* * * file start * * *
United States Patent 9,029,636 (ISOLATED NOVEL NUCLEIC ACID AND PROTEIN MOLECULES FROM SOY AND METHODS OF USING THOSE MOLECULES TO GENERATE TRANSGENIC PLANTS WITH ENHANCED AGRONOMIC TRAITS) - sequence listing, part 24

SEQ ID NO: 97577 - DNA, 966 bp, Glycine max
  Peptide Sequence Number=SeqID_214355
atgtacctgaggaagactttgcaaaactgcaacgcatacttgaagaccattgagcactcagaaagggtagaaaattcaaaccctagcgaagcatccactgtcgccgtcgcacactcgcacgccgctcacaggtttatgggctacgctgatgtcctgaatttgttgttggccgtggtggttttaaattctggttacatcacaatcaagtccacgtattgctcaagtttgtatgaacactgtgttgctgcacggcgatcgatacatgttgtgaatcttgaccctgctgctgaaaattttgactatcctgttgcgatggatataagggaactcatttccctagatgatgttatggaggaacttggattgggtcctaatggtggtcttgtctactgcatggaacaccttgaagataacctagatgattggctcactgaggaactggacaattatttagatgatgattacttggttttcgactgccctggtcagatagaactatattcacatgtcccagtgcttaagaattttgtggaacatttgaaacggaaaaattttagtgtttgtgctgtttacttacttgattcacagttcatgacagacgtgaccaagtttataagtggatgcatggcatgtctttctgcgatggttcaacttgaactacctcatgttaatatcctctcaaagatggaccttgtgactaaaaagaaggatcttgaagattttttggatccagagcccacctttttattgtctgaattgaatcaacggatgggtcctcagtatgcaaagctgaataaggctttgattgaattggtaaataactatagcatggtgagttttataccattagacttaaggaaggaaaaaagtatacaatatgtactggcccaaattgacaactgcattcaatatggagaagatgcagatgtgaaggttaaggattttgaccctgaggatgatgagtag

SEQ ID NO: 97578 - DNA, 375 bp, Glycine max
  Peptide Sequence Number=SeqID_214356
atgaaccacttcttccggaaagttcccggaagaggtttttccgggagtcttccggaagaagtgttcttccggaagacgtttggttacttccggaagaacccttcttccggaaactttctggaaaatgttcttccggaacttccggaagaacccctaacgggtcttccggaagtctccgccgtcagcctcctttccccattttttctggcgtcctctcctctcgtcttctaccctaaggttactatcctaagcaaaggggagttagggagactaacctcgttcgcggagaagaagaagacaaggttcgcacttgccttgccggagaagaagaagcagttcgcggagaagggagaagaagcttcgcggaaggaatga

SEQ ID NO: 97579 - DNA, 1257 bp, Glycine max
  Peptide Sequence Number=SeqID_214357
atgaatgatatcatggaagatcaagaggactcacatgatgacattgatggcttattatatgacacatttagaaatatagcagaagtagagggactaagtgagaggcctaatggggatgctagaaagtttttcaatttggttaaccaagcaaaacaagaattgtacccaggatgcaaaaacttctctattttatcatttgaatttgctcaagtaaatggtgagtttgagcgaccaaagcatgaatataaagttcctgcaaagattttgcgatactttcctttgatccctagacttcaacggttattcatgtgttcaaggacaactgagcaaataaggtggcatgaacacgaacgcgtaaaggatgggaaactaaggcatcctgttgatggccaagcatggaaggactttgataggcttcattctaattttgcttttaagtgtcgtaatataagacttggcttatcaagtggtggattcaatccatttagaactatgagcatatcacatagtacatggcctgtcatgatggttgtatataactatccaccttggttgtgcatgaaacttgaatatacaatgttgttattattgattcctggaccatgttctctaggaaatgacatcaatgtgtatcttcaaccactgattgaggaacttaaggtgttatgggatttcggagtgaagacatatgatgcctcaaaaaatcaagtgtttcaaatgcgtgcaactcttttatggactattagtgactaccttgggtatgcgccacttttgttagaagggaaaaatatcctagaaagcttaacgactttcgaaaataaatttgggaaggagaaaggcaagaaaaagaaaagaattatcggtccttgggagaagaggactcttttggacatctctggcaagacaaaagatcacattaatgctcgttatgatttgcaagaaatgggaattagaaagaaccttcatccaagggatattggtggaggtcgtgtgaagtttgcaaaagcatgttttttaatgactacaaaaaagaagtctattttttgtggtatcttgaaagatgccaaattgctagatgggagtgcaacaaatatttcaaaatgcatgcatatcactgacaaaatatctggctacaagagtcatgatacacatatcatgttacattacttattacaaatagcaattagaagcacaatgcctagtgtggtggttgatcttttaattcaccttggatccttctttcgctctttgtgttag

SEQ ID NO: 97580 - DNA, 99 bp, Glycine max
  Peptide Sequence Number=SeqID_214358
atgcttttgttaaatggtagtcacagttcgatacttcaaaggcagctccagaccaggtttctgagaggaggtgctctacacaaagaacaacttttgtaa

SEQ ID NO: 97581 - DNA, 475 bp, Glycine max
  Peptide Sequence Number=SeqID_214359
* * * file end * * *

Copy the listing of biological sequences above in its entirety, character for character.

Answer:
United States Patent 9,029,636 (ISOLATED NOVEL NUCLEIC ACID AND PROTEIN MOLECULES FROM SOY AND METHODS OF USING THOSE MOLECULES TO GENERATE TRANSGENIC PLANTS WITH ENHANCED AGRONOMIC TRAITS) - sequence listing, part 24

SEQ ID NO: 97577 - DNA, 966 bp, Glycine max
  Peptide Sequence Number=SeqID_214355
atgtacctgaggaagactttgcaaaactgcaacgcatacttgaagaccattgagcactcagaaagggtagaaaattcaaaccctagcgaagcatccactgtcgccgtcgcacactcgcacgccgctcacaggtttatgggctacgctgatgtcctgaatttgttgttggccgtggtggttttaaattctggttacatcacaatcaagtccacgtattgctcaagtttgtatgaacactgtgttgctgcacggcgatcgatacatgttgtgaatcttgaccctgctgctgaaaattttgactatcctgttgcgatggatataagggaactcatttccctagatgatgttatggaggaacttggattgggtcctaatggtggtcttgtctactgcatggaacaccttgaagataacctagatgattggctcactgaggaactggacaattatttagatgatgattacttggttttcgactgccctggtcagatagaactatattcacatgtcccagtgcttaagaattttgtggaacatttgaaacggaaaaattttagtgtttgtgctgtttacttacttgattcacagttcatgacagacgtgaccaagtttataagtggatgcatggcatgtctttctgcgatggttcaacttgaactacctcatgttaatatcctctcaaagatggaccttgtgactaaaaagaaggatcttgaagattttttggatccagagcccacctttttattgtctgaattgaatcaacggatgggtcctcagtatgcaaagctgaataaggctttgattgaattggtaaataactatagcatggtgagttttataccattagacttaaggaaggaaaaaagtatacaatatgtactggcccaaattgacaactgcattcaatatggagaagatgcagatgtgaaggttaaggattttgaccctgaggatgatgagtag

SEQ ID NO: 97578 - DNA, 375 bp, Glycine max
  Peptide Sequence Number=SeqID_214356
atgaaccacttcttccggaaagttcccggaagaggtttttccgggagtcttccggaagaagtgttcttccggaagacgtttggttacttccggaagaacccttcttccggaaactttctggaaaatgttcttccggaacttccggaagaacccctaacgggtcttccggaagtctccgccgtcagcctcctttccccattttttctggcgtcctctcctctcgtcttctaccctaaggttactatcctaagcaaaggggagttagggagactaacctcgttcgcggagaagaagaagacaaggttcgcacttgccttgccggagaagaagaagcagttcgcggagaagggagaagaagcttcgcggaaggaatga

SEQ ID NO: 97579 - DNA, 1257 bp, Glycine max
  Peptide Sequence Number=SeqID_214357
atgaatgatatcatggaagatcaagaggactcacatgatgacattgatggcttattatatgacacatttagaaatatagcagaagtagagggactaagtgagaggcctaatggggatgctagaaagtttttcaatttggttaaccaagcaaaacaagaattgtacccaggatgcaaaaacttctctattttatcatttgaatttgctcaagtaaatggtgagtttgagcgaccaaagcatgaatataaagttcctgcaaagattttgcgatactttcctttgatccctagacttcaacggttattcatgtgttcaaggacaactgagcaaataaggtggcatgaacacgaacgcgtaaaggatgggaaactaaggcatcctgttgatggccaagcatggaaggactttgataggcttcattctaattttgcttttaagtgtcgtaatataagacttggcttatcaagtggtggattcaatccatttagaactatgagcatatcacatagtacatggcctgtcatgatggttgtatataactatccaccttggttgtgcatgaaacttgaatatacaatgttgttattattgattcctggaccatgttctctaggaaatgacatcaatgtgtatcttcaaccactgattgaggaacttaaggtgttatgggatttcggagtgaagacatatgatgcctcaaaaaatcaagtgtttcaaatgcgtgcaactcttttatggactattagtgactaccttgggtatgcgccacttttgttagaagggaaaaatatcctagaaagcttaacgactttcgaaaataaatttgggaaggagaaaggcaagaaaaagaaaagaattatcggtccttgggagaagaggactcttttggacatctctggcaagacaaaagatcacattaatgctcgttatgatttgcaagaaatgggaattagaaagaaccttcatccaagggatattggtggaggtcgtgtgaagtttgcaaaagcatgttttttaatgactacaaaaaagaagtctattttttgtggtatcttgaaagatgccaaattgctagatgggagtgcaacaaatatttcaaaatgcatgcatatcactgacaaaatatctggctacaagagtcatgatacacatatcatgttacattacttattacaaatagcaattagaagcacaatgcctagtgtggtggttgatcttttaattcaccttggatccttctttcgctctttgtgttag

SEQ ID NO: 97580 - DNA, 99 bp, Glycine max
  Peptide Sequence Number=SeqID_214358
atgcttttgttaaatggtagtcacagttcgatacttcaaaggcagctccagaccaggtttctgagaggaggtgctctacacaaagaacaacttttgtaa

SEQ ID NO: 97581 - DNA, 475 bp, Glycine max
  Peptide Sequence Number=SeqID_214359